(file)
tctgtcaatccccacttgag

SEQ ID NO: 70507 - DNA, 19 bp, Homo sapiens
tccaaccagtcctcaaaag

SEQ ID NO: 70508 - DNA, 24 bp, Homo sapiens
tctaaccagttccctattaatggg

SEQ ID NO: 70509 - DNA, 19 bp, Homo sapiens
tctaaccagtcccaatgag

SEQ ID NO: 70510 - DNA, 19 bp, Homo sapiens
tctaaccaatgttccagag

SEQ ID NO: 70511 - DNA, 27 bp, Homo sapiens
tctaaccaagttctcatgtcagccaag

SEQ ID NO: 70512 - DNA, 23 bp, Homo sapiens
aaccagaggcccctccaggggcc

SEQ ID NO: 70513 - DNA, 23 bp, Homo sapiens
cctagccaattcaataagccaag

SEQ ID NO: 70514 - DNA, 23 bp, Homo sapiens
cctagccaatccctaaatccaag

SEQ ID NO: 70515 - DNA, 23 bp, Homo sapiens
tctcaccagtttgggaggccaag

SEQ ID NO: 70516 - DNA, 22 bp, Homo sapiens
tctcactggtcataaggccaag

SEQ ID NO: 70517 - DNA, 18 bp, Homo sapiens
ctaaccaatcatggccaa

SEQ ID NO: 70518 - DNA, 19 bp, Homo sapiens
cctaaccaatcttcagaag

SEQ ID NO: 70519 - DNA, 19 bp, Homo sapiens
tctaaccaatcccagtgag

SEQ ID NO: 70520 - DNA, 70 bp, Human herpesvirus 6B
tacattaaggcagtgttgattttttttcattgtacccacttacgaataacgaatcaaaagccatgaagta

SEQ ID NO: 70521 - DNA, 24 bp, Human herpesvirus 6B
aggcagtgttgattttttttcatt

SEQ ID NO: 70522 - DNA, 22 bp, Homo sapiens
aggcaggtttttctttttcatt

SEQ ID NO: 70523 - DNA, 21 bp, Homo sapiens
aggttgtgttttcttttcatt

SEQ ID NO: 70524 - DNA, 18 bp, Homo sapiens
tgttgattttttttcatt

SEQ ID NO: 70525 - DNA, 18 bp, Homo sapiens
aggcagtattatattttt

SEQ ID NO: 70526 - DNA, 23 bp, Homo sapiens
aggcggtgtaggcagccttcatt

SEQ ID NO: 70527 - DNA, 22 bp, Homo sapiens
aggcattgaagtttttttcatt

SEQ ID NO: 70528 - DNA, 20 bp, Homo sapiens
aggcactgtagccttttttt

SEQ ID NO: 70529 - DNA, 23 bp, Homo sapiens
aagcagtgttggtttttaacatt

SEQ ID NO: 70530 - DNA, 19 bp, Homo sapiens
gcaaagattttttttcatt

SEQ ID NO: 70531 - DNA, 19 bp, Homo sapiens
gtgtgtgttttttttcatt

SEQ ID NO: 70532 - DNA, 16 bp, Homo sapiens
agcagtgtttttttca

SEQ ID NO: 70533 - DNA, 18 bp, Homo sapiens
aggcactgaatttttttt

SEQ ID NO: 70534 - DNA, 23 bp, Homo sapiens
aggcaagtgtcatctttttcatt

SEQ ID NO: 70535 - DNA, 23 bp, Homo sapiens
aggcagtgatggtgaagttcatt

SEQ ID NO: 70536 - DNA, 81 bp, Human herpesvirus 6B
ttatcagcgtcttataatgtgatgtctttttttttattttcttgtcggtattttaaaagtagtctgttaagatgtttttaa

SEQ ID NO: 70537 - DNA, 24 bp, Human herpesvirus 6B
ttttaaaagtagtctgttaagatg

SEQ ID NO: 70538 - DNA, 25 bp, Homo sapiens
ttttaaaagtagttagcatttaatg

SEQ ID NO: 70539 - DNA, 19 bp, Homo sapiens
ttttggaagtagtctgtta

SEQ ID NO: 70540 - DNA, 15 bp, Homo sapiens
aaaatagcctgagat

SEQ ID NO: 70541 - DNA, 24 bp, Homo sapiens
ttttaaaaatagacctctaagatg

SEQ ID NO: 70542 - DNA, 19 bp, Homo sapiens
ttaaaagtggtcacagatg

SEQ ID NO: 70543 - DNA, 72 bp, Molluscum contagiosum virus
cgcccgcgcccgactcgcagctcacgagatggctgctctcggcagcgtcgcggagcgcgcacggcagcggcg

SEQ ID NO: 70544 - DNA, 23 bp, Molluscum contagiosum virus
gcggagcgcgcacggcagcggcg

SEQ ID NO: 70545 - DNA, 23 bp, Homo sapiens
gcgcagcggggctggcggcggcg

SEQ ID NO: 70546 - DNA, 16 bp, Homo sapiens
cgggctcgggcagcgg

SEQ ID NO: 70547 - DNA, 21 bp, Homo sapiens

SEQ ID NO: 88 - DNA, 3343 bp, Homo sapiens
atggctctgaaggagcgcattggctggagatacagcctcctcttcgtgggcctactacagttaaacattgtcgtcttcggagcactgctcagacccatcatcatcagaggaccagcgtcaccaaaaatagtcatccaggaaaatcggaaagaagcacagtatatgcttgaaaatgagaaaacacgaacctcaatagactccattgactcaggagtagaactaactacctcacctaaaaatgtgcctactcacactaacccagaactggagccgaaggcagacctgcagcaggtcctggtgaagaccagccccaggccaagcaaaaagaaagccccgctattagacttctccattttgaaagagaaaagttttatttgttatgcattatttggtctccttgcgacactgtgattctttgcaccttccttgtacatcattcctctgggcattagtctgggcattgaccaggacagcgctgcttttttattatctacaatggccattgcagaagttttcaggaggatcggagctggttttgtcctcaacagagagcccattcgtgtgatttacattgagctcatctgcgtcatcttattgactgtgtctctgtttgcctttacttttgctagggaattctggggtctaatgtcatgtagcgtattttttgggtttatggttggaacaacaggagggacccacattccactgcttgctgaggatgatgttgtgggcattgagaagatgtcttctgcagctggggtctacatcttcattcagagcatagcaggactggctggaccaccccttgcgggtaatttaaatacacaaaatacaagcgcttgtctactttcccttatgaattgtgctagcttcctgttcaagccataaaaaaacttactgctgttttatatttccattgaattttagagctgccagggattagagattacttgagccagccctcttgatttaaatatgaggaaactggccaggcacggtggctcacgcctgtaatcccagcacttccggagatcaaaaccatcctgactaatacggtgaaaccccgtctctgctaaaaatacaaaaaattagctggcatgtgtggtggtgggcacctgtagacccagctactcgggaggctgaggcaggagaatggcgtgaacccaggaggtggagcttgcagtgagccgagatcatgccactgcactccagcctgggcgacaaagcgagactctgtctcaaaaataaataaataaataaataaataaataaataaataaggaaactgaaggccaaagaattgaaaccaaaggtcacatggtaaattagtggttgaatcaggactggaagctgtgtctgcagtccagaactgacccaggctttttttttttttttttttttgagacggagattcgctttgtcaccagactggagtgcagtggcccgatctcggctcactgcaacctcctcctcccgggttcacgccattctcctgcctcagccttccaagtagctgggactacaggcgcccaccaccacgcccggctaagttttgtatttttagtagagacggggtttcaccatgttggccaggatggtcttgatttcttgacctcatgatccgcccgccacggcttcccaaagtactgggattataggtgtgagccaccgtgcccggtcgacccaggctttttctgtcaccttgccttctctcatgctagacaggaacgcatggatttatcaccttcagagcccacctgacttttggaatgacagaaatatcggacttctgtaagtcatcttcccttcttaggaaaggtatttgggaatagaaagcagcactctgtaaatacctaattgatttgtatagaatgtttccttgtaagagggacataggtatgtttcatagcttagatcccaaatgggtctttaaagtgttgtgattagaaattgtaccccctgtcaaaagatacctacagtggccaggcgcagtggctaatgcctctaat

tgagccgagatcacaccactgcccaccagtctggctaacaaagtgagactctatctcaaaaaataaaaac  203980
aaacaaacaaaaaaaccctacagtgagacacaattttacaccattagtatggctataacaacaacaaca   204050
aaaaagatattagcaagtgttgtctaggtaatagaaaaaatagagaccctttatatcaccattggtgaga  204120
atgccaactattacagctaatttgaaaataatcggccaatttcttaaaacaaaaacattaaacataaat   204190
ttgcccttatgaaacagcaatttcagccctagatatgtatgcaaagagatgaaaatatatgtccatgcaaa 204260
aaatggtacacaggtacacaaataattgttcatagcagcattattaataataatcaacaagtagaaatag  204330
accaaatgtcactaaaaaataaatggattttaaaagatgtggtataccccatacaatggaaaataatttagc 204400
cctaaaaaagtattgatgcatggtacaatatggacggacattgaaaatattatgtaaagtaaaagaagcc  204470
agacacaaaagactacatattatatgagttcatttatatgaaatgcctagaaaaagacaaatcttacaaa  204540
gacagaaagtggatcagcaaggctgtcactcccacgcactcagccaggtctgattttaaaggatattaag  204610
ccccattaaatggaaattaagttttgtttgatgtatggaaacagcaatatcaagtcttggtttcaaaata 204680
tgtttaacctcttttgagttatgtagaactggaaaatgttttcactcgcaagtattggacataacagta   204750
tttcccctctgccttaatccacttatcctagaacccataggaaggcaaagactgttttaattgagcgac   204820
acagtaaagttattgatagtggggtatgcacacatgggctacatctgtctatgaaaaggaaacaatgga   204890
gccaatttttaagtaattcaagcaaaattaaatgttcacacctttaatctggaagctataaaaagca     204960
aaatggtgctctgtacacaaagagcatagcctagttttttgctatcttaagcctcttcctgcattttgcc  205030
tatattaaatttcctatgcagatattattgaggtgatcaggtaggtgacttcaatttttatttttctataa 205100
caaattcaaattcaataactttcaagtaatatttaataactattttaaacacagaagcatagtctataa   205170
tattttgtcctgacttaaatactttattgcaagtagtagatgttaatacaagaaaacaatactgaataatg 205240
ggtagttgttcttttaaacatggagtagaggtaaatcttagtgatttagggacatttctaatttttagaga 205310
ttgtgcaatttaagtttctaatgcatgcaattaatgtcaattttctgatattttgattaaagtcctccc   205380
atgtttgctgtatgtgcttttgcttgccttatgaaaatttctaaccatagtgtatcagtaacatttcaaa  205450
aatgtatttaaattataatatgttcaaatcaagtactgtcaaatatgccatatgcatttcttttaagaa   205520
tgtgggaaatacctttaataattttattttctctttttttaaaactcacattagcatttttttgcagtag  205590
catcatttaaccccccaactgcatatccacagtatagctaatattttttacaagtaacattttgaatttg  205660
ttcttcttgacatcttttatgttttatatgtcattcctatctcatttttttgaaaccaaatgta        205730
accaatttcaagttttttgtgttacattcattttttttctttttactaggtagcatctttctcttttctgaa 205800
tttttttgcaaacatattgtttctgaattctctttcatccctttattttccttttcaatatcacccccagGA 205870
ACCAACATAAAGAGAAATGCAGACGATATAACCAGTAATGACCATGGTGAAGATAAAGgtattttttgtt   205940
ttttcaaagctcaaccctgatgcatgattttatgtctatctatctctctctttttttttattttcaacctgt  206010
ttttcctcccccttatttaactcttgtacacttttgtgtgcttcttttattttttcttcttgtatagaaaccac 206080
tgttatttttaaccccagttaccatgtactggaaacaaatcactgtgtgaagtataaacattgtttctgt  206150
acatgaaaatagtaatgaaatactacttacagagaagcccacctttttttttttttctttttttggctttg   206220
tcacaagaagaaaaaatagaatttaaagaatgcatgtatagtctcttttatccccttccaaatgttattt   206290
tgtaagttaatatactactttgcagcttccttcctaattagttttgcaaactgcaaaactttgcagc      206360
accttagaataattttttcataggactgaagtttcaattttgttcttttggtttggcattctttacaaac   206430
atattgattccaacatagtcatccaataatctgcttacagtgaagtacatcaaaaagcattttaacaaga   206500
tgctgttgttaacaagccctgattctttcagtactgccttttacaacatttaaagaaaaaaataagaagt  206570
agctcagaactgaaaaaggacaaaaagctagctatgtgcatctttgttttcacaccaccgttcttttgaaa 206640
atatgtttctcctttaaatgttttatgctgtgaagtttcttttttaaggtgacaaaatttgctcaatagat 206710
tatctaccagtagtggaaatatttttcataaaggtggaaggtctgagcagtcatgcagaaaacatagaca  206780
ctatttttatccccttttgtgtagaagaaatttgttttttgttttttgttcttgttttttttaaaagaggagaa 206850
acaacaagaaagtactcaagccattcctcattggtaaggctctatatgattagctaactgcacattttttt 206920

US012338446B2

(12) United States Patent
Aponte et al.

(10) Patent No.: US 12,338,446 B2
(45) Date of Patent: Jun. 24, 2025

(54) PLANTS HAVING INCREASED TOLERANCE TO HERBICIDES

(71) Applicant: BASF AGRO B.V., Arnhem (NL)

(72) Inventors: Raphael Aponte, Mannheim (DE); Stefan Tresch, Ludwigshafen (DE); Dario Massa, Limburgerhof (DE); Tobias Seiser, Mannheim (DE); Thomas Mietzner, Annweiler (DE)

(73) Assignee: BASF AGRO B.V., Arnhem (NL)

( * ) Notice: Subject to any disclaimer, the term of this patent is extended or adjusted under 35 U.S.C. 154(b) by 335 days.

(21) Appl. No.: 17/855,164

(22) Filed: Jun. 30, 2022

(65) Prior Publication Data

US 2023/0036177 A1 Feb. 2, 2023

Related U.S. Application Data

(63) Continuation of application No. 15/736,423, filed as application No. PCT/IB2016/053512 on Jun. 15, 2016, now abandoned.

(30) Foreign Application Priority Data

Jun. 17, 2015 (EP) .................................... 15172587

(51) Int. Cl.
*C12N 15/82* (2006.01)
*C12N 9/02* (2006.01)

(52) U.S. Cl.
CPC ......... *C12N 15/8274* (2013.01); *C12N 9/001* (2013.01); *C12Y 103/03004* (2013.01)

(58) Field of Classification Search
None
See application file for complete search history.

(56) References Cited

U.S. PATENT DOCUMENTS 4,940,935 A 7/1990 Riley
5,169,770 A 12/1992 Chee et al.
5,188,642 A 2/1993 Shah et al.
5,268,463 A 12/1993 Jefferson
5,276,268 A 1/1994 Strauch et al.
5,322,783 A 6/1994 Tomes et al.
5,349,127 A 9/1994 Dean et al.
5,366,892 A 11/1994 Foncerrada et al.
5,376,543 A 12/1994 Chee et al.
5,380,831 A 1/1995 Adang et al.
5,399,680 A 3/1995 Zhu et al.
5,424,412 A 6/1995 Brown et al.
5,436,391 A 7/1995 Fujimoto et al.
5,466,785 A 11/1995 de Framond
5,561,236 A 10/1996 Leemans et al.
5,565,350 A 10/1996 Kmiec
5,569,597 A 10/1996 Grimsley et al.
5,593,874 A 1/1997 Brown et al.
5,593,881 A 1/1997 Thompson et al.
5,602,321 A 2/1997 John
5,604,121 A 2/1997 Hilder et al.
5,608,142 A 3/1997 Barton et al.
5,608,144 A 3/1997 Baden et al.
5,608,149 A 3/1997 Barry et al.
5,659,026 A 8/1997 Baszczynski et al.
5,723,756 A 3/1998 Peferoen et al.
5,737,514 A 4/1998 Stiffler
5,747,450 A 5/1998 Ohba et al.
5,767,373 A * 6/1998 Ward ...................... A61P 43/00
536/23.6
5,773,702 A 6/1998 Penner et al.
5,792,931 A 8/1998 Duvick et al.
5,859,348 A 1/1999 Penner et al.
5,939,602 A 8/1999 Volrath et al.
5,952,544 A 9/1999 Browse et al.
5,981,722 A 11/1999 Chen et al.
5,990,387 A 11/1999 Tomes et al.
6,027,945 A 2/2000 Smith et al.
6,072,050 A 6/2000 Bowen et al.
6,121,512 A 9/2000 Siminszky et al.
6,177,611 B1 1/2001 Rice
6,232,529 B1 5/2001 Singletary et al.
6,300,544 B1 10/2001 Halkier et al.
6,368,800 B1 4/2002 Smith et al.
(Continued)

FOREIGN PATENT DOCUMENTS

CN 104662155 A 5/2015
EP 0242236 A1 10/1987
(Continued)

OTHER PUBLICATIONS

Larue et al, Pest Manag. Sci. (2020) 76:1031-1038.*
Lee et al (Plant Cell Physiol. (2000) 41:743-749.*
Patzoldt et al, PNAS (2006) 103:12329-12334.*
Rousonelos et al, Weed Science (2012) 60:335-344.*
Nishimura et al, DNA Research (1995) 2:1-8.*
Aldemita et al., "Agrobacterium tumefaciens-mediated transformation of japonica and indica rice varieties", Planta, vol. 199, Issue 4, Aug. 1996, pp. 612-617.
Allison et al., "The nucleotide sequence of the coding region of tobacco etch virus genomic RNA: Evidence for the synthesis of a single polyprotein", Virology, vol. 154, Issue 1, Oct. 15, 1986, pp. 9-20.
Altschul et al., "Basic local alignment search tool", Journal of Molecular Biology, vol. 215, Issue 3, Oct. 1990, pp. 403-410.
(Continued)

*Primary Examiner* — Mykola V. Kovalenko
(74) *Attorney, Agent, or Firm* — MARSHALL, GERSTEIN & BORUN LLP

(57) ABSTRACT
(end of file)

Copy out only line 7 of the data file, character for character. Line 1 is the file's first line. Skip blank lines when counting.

tctaaccagtcccaatgag